The MHRA said there were still huge benefits of the vaccine in preventing Covid-19 and serious disease but added that due to a very small number of blood clots in younger people, those under the age of 30 – and soon, 40 – will be offered Pfizer or Moderna jabs instead.

Dr June Raine, MHRA chief executive, added: “Anyone who has symptoms four days after vaccination or more should seek prompt medical advice – a new onset of a severe or persistent headache or blurred vision, shortness of breath, chest pain, leg swelling, persistent abdominal pain or indeed unusual skin bruising or pin-point spots beyond the injection site.”

How have other countries reacted?

Germany, the Netherlands, Sweden and Canada have restricted the use of the AstraZeneca vaccine in younger people. Italy and Spain have stopped the use of the jab in the under-60s.

Denmark announced on Apr 14 it would stop administering Oxford/AstraZeneca’s Covid-19 vaccine entirely following its link to very rare cases of blood clots, a decision based on the low levels of Covid-19 in the country and caution over the rare side-effect.

The decision, which at least for now removes the shot from Denmark’s vaccination scheme, could delay the country’s vaccine rollout by up to four weeks, based on previous statements by health bodies.

France has said under 55s who have had a first AstraZeneca dose should take a different vaccine for the second. Olivier Véran, the country’s health minister, said the new advice will be that the Moderna and Pfizer vaccines should be used for their second dose.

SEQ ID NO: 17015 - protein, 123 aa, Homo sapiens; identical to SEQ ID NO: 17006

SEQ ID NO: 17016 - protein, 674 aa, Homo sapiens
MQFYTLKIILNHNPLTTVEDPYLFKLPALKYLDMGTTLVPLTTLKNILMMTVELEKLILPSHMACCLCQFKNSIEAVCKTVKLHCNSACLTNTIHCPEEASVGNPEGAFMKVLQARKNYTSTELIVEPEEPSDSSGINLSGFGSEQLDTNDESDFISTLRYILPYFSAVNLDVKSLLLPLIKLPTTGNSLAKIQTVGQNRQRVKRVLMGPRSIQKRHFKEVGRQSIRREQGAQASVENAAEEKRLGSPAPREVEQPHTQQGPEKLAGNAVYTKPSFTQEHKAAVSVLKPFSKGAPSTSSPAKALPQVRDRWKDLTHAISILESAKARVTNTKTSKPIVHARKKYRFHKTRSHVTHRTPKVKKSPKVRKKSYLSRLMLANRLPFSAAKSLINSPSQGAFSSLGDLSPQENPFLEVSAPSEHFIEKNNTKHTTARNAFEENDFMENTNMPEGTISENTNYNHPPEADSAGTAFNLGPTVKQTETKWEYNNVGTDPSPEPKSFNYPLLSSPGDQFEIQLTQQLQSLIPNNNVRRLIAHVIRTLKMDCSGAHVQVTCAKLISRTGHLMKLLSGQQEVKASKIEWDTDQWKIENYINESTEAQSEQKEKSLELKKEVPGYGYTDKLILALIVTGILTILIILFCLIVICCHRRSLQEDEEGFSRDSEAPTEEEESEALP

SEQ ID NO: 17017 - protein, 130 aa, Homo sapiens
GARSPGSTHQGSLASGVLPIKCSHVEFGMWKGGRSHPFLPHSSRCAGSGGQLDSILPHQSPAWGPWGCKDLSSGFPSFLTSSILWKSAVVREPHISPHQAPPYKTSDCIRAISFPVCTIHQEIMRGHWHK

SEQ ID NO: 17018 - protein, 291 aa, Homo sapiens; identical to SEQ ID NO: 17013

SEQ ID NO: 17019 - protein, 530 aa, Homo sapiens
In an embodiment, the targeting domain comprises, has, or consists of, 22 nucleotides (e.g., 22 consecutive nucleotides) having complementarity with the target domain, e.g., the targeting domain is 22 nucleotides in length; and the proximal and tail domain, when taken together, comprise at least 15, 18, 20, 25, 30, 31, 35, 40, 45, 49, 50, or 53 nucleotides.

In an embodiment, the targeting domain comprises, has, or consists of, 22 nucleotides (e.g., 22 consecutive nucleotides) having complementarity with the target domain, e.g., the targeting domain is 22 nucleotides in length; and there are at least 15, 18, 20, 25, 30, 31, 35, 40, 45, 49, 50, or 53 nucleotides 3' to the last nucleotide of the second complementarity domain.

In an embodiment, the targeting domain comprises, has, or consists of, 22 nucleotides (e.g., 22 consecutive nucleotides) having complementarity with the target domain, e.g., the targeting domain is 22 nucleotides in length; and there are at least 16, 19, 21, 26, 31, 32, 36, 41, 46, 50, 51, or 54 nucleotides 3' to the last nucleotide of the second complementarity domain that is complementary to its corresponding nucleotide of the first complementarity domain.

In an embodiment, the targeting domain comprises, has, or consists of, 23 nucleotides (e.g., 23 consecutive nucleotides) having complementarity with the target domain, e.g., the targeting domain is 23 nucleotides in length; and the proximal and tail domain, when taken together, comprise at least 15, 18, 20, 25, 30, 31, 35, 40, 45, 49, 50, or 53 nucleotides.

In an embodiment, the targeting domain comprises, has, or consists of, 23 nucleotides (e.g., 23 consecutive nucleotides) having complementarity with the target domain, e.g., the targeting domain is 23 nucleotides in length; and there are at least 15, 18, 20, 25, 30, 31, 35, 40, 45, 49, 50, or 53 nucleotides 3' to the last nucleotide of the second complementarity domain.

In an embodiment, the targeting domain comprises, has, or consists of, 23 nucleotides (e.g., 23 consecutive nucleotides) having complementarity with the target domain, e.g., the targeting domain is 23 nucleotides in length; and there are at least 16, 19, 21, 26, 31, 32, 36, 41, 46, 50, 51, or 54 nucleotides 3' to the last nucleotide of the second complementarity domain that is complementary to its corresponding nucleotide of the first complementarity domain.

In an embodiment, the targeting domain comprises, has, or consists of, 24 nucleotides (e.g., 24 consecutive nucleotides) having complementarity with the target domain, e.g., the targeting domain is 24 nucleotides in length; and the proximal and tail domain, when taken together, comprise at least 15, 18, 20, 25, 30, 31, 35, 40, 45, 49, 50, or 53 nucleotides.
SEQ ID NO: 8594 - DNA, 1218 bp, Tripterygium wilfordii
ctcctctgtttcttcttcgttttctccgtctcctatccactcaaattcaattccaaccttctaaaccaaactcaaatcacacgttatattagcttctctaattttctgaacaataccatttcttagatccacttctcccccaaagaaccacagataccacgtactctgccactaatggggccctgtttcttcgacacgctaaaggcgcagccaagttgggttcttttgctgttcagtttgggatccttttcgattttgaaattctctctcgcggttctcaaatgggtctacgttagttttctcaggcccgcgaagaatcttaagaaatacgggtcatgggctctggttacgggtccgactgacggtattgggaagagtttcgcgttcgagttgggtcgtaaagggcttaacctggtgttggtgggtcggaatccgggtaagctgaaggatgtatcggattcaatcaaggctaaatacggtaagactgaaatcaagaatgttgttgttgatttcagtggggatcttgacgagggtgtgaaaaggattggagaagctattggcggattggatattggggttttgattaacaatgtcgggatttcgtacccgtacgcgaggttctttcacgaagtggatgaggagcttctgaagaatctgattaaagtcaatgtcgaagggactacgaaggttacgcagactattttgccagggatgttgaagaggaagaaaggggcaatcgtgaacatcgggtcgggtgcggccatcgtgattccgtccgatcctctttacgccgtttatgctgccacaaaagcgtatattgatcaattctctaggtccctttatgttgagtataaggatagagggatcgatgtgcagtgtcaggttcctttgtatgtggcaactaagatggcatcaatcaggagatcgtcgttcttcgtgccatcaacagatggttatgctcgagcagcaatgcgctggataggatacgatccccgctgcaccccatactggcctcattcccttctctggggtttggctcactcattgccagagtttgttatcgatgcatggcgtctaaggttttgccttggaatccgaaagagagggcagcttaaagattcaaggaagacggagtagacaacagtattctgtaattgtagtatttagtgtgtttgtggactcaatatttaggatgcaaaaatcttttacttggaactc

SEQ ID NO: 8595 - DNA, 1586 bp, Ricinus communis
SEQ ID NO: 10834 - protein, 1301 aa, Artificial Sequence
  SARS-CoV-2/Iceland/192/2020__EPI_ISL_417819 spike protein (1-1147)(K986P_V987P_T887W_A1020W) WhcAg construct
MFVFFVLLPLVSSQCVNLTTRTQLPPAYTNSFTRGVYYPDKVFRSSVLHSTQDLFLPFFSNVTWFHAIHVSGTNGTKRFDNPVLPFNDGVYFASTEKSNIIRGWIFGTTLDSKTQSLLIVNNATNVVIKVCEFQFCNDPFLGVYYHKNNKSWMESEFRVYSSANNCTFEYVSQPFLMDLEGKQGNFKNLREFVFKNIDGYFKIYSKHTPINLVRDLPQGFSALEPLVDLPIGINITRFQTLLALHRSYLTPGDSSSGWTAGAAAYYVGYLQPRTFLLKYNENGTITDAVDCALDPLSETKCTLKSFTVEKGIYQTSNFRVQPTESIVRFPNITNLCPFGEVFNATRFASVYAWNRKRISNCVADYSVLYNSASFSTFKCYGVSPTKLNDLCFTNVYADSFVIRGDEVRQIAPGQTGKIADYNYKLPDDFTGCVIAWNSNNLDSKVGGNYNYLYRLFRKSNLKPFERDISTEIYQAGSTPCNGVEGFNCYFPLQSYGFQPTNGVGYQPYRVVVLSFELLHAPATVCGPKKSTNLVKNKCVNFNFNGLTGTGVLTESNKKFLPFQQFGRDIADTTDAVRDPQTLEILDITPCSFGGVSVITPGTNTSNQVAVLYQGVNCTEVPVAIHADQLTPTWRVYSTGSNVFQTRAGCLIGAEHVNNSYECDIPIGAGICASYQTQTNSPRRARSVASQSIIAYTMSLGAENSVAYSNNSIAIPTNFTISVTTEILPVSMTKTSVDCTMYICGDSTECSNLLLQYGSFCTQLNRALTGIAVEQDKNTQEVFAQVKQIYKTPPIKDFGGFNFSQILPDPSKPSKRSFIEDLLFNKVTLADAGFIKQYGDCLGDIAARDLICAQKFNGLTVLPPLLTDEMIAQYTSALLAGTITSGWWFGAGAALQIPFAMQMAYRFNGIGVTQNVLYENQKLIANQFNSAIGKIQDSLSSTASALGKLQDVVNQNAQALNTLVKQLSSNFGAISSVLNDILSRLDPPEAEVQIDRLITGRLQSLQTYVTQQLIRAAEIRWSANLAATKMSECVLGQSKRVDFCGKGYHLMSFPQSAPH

Spain will study the effects of mixing different coronavirus vaccines, government researchers said on Apr 19, responding to shifting guidelines on the safety of the AstraZeneca’s shot.

Also, Australia has doubled its order of the Pfizer Covid-19 vaccine, as the country races to overhaul its inoculation plan over concerns about the risks of blood clots with the AstraZeneca vaccine.

What has AstraZeneca said?

In March of this year, AstraZeneca said it was analysing its database to understand “whether these very rare cases of blood clots associated with thrombocytopenia (low blood platelet count) occur any more commonly than would be expected naturally in a population of millions of people”.

Meanwhile on Apr 6, a trial of the Oxford/AstraZeneca vaccine on children was paused, but the scientists involved said there were no safety concerns with the trial itself and they were waiting for further information from the MHRA.

In response to these concerns, an Oxford University study examined the incidence of blood clotting on the brain in coronavirus patients and AstraZeneca recipients, finding that the occurrence of brain clots from coronavirus was eight times greater than the risk presented by the AstraZeneca jab.

Sir John Bell, Oxford University’s Professor of Medicine, has stated that he expects all vaccines to have “some background level of clotting issues”. Prof Sir Bell went on to say that the data on this issue was still being collected for further study.

What are the experts saying?

Scientists in the UK have said urgent research is needed to understand more about the risk of these rare blood clots.